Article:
How To Choose The Perfect Door Lock

How To Choose The Perfect Door Lock

A burglary takes place roughly every 108 seconds with the estimated average cost of a residential burglary being £3,030. According to police reports, 33% of these burglaries are classed as unlawful entry meaning the assailant did not have to force their way in as the home was not secured. Something as simple as ensuring all doors and windows are properly locked can reduce your risk of burglary by one third.

When it comes to deciding what the best locks are for your home, there is no ‘one lock fits all’ solution. It is important to consider the type of door you are securing along with its individual security rating to determine the best house locks to buy for your home.

Lock Types

Choosing a door lock for your home can seem daunting. The type of lock you need will vary depending on the door you are looking to secure. It is important to consider the location of your door (internal or external), the material of your door and how the lock system itself works. For instance, it would be unnecessary for most people to have a complex lock system on their bathroom door.

We have summarised the key specifications for the most popular lock types to assist you in choosing the most secure door locks for your home as well as providing some insight into how the most popular door locks work.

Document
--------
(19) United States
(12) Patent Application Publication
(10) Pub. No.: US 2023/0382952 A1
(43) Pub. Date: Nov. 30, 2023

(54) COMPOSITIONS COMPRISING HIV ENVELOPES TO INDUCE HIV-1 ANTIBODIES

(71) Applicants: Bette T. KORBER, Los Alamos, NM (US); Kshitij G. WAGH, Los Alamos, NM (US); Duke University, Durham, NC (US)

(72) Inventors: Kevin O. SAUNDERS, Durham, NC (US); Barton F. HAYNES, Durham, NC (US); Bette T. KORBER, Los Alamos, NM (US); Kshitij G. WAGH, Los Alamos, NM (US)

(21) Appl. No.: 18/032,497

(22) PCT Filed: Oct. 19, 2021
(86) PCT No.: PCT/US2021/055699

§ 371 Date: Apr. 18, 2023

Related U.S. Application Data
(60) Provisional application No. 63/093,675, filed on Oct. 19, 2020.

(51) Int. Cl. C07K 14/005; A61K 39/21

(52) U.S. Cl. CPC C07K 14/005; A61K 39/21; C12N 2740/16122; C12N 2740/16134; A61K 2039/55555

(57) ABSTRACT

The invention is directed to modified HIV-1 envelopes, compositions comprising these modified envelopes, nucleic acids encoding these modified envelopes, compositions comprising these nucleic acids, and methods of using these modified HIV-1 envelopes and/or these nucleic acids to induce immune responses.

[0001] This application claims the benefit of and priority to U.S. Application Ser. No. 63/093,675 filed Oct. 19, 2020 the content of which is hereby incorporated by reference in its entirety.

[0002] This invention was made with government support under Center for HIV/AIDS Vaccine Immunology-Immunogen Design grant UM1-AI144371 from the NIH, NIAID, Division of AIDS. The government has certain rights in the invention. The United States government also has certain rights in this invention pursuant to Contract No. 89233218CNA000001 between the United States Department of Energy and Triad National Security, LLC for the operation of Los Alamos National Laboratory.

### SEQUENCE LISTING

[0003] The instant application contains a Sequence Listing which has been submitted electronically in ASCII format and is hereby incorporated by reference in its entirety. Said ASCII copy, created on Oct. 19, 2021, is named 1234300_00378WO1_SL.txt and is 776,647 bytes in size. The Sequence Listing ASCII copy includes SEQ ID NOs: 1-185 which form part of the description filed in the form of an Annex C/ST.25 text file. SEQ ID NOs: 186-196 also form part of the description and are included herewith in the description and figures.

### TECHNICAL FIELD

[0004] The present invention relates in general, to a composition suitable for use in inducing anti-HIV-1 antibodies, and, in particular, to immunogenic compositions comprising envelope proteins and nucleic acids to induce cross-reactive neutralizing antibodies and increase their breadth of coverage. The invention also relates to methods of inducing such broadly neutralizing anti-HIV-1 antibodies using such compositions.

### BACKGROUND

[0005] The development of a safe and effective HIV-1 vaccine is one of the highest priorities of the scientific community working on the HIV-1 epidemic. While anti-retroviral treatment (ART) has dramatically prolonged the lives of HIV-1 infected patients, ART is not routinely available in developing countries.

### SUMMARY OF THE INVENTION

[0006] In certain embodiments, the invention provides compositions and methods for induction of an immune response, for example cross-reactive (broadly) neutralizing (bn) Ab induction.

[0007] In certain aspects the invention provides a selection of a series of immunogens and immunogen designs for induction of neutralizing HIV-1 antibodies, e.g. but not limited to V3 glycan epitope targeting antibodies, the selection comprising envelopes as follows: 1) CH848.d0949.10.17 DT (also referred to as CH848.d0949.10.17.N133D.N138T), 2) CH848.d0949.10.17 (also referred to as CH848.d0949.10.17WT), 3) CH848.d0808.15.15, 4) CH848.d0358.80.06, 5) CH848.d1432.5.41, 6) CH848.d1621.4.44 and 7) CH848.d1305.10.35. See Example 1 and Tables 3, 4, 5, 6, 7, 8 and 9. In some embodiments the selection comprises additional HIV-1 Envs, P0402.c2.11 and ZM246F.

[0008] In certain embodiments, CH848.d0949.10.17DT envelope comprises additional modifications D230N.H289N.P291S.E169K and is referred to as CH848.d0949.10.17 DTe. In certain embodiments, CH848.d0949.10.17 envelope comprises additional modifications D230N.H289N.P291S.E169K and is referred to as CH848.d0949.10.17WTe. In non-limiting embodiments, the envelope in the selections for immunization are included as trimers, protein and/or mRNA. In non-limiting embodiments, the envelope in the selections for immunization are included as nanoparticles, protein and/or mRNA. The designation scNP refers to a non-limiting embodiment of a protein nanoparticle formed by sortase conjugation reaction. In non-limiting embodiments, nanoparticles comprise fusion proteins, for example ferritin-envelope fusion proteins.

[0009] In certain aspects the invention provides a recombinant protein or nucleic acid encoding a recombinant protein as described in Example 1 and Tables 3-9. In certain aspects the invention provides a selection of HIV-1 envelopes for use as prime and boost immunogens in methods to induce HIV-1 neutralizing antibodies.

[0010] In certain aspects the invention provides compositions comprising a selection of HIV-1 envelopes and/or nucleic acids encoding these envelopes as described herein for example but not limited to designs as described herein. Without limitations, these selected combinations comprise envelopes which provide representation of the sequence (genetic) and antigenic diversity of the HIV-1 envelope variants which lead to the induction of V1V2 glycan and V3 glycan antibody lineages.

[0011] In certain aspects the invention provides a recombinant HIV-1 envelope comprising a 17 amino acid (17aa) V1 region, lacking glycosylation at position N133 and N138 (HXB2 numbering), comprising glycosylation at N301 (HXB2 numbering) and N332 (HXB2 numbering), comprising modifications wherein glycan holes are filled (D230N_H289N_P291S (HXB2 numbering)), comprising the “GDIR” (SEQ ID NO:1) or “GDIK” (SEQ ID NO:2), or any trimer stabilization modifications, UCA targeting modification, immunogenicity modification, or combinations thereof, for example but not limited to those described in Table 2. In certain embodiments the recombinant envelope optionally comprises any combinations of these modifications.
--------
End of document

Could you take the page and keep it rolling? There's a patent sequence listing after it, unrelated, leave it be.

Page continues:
We’ll be covering the most prolific lock types.

Multi-Point Locking System

multi point locking system

How does a multi-point lock work?

A multi-point locking system is key operated. The lock system is fitted to the body of the door bolting the door into the frame and locking (as you may have already guessed) at multiple points. It offers a high level of security making it a popular choice for external doors in the home. Should someone try to force the door, the multi point system distributes the weight throughout 3, 5 or even 7 points and is harder to break.

Suitable door materials

Multi-point locks are usually fitted to UPVC and composite doors making them a popular choice for new build homes, however they can also be fitted to timber and Aluminium doors.

Suitable door types

Multi-point locks are highly secure and commonly used on both front doors and back doors. 

Advantages

  • Several locking points make it much harder to force entry.
  • Only one cylinder is required to lock the full mechanism. Multiple cylinder locks can be keyed alike, meaning you can reduce the amount of keys needed for one property.
  • Cylinders can be easily changed either for a repair or an upgrade.

Disadvantages

  •  Although one cylinder is advantageous in terms of keys, it does mean there are fewer locks to defeat.